Soon after I started wearing makeup on a regular basis I realized that the brushes from art supply stores beat the heck out of the synthetic wispy things that were sold in drugstores or, worse, the little plastic apparatuses that came with the makeup itself.
Art supply stores tend to carry tons of beautiful natural bristle brushes in almost any dimension you can imaginable. They last forever and typically cost not much more than the ones made for makeup. Alas, the art supply type are made expressly for an artist painting a canvas, so they don’t always work exactly as planned when applying makeup to the face.
However, the key here is that you must have high-quality brushes if you’re going to wear makeup. Buy less makeup if it means you are going to buy better brushes.
Good brushes will overcome most of the easy to make blunders that happen during rushed or not-so-pro makeup jobs, such as the harsh breaks between blush and the real you, or the visible streaks of shadow on the lids. The key to “no-makeup” makeup has everything to do with blending and blending and more of it. Great brushes will blend colors better and faster; they will feel better, more gentle, on your skin, and; if taken care of, they will last forever, making the initial investment worth it.
May I suggest an assessment of your current brush situation and a tossing of those you have outgrown? I think it’s crazy to invest in high-end or professional makeup and not have the right tools to apply it. Until recently I too have sometimes been guilty of this. I didn’t think much of brushes, and in my makeup box alongside great brushes I had some cheesy or broken-down brushes, and would be trying to apply some fantastic Chanel shadow with a clumsy synthetic brush I’ve had since high school, for instance, its plastic pink swirl handle chipped and faded.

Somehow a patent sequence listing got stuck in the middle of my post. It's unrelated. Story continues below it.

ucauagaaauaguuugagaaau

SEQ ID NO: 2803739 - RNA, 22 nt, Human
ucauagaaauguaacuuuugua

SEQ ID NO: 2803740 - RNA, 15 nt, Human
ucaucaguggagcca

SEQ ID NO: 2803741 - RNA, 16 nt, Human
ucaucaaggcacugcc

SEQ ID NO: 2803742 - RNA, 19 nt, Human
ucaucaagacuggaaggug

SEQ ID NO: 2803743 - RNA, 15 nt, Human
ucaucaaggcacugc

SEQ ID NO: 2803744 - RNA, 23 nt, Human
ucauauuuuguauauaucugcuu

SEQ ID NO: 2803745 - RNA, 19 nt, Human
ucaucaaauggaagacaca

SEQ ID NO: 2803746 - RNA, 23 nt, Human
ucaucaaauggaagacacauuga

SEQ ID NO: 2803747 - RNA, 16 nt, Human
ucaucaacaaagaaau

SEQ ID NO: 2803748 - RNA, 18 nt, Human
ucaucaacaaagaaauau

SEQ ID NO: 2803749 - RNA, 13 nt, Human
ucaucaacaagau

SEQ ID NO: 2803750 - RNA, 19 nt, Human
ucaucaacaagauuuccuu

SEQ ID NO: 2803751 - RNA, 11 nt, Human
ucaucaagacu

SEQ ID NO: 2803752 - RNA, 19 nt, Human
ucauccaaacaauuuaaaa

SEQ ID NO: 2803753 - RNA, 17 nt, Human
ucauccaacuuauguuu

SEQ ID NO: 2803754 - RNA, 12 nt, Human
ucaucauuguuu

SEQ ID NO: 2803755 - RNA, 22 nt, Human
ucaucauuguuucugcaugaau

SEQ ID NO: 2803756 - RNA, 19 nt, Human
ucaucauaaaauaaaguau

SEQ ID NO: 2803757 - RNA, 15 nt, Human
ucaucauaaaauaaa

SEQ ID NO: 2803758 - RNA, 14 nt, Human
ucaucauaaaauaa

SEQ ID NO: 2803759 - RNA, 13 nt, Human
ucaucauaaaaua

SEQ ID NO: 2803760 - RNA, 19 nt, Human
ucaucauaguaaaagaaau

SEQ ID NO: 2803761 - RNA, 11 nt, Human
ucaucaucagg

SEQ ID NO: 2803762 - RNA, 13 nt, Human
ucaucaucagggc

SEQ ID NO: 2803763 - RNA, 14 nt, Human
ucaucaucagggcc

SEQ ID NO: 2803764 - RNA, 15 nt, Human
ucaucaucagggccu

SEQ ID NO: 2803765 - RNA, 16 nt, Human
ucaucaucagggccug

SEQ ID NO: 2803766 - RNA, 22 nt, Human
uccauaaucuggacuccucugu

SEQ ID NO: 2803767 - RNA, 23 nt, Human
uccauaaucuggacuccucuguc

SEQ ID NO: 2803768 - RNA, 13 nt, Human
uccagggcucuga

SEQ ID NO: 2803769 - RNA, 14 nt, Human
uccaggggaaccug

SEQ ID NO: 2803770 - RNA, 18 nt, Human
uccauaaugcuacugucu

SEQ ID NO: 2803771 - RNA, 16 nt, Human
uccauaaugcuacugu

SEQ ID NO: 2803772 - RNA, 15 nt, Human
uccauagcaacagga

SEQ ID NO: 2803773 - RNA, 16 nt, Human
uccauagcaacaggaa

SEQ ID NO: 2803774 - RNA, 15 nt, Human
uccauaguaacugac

I have since mended my ways and can recommend the following:
- When it comes to brushes go as pro as possible, and get them in a kit version, since buying them separately is not as good a value.
- Brush sets typically come in a roll case, which is where you should keep them so they stay clean and are in one place when you need them.
- I have noticed that there are many brush kits out there, and many of them have a professional or sleek “look,” but are really subpar when it comes to quality. Beware the more-than-you’ll-ever-need huge collection of brushes with pretty shiny handles offered at some low price. When buying new brushes, look for quality in the brush hair (natural hair is best), density of the brush hair, shape of the brush and overall construction and durability. Include in your inspection the handle, and note how different types of brushes feel in your hand.
*I really like Royal & Langnickel, mostly because they started in business forever ago by making art brushes–and they also make beauty brushes. (Before I learned that they also made beauty brushes, I had been using some of their art brushes for makeup duty; two indestructible fan brushes for contouring and a couple of thin detail brushes that made excellent eyeliner brushes.) Their consumer-oriented beauty brush line, here, has some excellent values, like the 12 piece set that, at $35, comes out to about $3 a brush. And you’ll use every one of them.
Tip: Wash your brushes regularly with super-mild soap and handle them with care. Keep the brush hair in the same direction while cleansing it, and keep water out of the ferrule (the black part of the upper handle seen in the brushes above that separates the brush hair from the handle). Water can get trapped in here and cause mold to grow, which is not something you want happening near your eyes and face.
On a clean towel, dry your brushes flat to keep the brush hair intact and to avoid moisture seeping into the ferrule. Rotate them on the dry part of the towel until they are completely dry.